Increasing regulations are clearly starting to squeeze large financial institutions. In a sign of the times, Euro megabank Credit Suisse announced on Thursday that it was planning to give up its role as a primary dealer to the European sovereign bond market.

The decision is another step in relatively new CEO Tidjane Thiam’s effort to revamp the bank’s trading and advisory services to keep costs down. The Swiss lender will withdraw from the U.K primary-dealer market as of Friday, the UK regulator reported.

Of note, this is the first time a gilt primary dealer (authorized to buy sovereign debt directly) has exited from the business since December 2011, when State Street European division threw in the towel.

Credit Suisse stock Credit Suisse
Chart via S&P CapIQ

Big banks giving up on bond trading

Many large banks across the globe are shrinking or giving up their bond-trading activities given expensive regulations such as higher capital requirements many governments put in place over the last few years. These new regulations hinder the banks ability to manage inventory or warehouse risk with the result that prices are often more volatile for money managers and private investors looking to buy bonds.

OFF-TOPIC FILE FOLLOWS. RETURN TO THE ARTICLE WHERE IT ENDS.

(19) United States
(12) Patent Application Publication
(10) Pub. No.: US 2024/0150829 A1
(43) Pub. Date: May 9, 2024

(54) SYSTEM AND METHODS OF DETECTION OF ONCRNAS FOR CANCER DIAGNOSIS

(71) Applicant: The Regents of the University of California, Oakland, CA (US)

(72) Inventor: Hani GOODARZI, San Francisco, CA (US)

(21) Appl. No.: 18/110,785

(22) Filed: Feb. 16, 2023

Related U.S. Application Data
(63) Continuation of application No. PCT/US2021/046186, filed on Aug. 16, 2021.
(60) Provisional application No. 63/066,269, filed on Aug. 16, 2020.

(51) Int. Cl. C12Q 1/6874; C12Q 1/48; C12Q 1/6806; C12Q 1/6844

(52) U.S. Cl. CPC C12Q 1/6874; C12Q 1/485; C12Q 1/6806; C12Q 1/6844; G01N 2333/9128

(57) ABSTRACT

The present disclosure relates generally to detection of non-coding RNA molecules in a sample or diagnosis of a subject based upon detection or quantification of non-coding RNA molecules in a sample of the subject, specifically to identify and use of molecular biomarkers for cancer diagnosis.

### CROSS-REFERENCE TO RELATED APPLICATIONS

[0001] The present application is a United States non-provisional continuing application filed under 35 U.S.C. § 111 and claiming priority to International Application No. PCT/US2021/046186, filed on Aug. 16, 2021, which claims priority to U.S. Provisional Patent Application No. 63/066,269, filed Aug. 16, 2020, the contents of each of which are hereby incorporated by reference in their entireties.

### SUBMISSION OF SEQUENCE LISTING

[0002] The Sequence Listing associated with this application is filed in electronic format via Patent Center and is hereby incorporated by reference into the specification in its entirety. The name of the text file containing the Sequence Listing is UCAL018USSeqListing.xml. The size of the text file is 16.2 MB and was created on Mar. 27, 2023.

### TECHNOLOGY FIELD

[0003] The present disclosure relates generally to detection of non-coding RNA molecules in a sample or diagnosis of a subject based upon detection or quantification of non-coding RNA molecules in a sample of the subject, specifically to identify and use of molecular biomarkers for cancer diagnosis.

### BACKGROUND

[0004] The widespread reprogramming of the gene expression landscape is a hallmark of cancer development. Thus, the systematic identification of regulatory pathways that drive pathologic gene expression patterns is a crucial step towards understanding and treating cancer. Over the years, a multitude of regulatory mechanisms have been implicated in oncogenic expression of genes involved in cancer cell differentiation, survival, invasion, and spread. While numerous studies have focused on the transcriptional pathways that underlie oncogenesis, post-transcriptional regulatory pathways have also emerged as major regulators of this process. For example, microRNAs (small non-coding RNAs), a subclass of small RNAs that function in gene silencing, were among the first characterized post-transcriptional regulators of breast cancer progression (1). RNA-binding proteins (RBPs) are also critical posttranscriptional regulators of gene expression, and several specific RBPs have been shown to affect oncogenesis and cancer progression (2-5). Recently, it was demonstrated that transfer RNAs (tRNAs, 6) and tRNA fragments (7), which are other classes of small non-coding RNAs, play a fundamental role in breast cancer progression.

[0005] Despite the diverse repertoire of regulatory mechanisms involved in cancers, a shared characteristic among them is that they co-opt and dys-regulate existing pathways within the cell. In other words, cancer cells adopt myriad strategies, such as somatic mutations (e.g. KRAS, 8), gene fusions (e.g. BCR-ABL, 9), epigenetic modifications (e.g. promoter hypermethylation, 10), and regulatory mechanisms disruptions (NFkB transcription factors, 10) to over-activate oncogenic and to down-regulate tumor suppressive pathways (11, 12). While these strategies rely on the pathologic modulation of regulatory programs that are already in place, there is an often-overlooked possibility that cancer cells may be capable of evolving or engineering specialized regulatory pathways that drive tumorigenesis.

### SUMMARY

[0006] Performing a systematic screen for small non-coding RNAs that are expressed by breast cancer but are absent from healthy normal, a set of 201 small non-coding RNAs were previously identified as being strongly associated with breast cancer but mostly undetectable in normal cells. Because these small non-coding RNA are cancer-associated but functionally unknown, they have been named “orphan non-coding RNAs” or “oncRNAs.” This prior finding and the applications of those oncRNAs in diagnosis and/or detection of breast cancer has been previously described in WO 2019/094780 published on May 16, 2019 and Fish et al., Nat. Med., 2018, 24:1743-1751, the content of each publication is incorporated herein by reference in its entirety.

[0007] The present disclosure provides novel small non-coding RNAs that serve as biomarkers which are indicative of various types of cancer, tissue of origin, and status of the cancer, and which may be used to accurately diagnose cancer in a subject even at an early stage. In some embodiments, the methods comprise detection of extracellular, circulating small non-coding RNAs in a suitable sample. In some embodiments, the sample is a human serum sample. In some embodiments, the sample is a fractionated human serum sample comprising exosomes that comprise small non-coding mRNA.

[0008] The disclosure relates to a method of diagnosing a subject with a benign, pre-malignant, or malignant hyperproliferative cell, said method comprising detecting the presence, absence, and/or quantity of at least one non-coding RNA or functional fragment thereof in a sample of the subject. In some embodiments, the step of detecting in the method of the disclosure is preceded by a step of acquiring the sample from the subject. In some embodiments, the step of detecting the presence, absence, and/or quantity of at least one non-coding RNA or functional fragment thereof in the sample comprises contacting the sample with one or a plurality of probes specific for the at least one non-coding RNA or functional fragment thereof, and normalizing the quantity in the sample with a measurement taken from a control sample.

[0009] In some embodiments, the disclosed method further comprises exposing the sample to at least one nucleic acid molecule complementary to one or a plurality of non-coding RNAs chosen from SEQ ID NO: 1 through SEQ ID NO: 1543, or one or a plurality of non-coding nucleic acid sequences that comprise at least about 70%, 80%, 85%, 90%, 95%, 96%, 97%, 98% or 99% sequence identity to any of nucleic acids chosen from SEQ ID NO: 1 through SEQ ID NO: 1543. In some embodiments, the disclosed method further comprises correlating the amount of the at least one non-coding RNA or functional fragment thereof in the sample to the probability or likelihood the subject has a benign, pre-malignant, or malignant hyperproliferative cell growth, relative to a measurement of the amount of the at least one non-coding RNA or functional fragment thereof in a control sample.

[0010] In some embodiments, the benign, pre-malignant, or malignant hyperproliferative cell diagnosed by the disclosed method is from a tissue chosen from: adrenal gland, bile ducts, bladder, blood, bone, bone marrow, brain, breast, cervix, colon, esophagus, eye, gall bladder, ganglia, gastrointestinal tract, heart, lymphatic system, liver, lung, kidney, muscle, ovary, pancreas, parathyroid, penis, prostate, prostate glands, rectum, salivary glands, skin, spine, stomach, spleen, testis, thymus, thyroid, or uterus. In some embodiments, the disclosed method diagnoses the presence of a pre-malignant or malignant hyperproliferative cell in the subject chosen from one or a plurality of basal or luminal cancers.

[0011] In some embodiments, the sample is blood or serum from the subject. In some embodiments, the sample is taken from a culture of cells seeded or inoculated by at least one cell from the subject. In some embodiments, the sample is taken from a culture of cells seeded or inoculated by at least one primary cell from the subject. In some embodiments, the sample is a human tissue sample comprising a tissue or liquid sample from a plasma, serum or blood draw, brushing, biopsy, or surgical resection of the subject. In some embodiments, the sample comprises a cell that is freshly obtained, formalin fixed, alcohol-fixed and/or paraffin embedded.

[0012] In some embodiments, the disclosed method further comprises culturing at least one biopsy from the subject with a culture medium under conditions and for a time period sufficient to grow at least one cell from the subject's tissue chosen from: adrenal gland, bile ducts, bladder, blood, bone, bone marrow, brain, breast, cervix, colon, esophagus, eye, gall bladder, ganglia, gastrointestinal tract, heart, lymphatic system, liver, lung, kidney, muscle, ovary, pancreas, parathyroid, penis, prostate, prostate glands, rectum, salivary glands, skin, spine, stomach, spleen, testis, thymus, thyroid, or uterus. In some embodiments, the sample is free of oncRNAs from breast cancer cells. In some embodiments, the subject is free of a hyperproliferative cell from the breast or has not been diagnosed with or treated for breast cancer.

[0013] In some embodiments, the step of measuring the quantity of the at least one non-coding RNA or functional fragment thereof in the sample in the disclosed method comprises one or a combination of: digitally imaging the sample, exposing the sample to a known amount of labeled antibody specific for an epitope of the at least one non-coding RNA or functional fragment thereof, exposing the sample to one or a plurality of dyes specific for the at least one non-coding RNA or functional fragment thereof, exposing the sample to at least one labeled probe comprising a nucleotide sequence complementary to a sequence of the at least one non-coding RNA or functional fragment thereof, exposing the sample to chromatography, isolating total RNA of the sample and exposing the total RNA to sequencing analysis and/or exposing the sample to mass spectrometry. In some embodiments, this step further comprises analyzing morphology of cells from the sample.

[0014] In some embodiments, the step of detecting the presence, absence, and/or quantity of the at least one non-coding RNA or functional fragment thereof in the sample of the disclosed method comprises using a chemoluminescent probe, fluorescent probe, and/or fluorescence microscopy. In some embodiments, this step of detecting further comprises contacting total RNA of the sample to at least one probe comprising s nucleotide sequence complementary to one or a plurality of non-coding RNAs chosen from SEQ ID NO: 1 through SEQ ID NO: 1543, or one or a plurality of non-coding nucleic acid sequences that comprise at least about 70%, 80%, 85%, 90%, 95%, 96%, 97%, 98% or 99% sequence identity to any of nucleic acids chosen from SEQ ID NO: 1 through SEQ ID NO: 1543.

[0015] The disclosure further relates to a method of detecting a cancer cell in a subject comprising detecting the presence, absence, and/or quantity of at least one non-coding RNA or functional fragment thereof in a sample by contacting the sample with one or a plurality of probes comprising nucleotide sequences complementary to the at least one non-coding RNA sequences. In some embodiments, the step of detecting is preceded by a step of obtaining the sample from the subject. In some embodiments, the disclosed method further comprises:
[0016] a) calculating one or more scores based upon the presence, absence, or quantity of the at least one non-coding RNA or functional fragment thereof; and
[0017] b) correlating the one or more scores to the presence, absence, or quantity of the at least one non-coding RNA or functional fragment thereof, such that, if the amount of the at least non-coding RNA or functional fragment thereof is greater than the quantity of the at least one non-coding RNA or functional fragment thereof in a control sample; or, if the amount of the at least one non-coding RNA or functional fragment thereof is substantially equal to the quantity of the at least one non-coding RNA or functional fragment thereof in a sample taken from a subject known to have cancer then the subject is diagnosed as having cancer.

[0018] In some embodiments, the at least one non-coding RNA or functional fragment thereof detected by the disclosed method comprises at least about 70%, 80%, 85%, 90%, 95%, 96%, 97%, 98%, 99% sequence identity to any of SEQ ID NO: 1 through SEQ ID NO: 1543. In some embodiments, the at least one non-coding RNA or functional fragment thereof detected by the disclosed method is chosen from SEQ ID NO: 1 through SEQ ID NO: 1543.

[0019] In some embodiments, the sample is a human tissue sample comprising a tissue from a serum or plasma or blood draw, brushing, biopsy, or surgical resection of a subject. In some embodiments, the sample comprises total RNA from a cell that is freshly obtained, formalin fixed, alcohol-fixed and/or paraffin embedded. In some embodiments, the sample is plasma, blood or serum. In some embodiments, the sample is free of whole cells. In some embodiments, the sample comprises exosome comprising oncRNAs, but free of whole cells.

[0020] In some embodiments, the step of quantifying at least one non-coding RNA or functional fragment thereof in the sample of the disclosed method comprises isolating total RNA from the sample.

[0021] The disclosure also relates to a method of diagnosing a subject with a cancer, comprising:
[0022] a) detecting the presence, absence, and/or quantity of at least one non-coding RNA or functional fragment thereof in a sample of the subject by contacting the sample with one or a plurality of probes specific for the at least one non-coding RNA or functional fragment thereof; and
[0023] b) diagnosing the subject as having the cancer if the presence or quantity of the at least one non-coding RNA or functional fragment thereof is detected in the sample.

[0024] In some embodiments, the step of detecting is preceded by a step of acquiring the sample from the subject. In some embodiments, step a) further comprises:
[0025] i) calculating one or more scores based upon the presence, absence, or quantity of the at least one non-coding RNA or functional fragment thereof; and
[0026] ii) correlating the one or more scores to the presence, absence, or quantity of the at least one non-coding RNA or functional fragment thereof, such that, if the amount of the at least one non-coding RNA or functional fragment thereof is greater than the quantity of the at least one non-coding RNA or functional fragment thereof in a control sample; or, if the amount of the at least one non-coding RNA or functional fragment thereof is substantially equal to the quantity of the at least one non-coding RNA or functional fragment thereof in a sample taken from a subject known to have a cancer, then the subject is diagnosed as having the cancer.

Moreover, the situation in bond markets has clearly worsened over the last few years. The U.S. Treasury market has grown by over 45% in the last five years to $12.9 trillion, according to data compiled by Bloomberg. During that same period of time, the five biggest primary dealers have reduced their balance sheets by more than 50%, according to research firm Tabb Group LLC.

That said, Credit Suisse has decided to continue in its role as a primary dealer for the U.S. Treasuries market, Adam Bradbery, the bank’s London-based spokesman noted. He also pointed out that while Credit Suisse may still trade European bonds, it’s no longer committed to making markets for bonds.

Color on Credit Suisse exit from European bond markets by financial industry analysts

“This is a dramatic move for Credit Suisse, and a step back for bond-market liquidity,” Christopher Wheeler, an analyst at Atlantic Equities in London, explained. “This is probably designed to reduce costs and capital tied to its investment bank business. I hope it’s not a shape of things to come for the bond market.”

Soeren Moerch, head of fixed-income trading at Danske Bank AS in Copenhagen, noted:  “The sum of regulations is strangulating the investment-banking industry. I expect more to follow Credit Suisse if this continues.”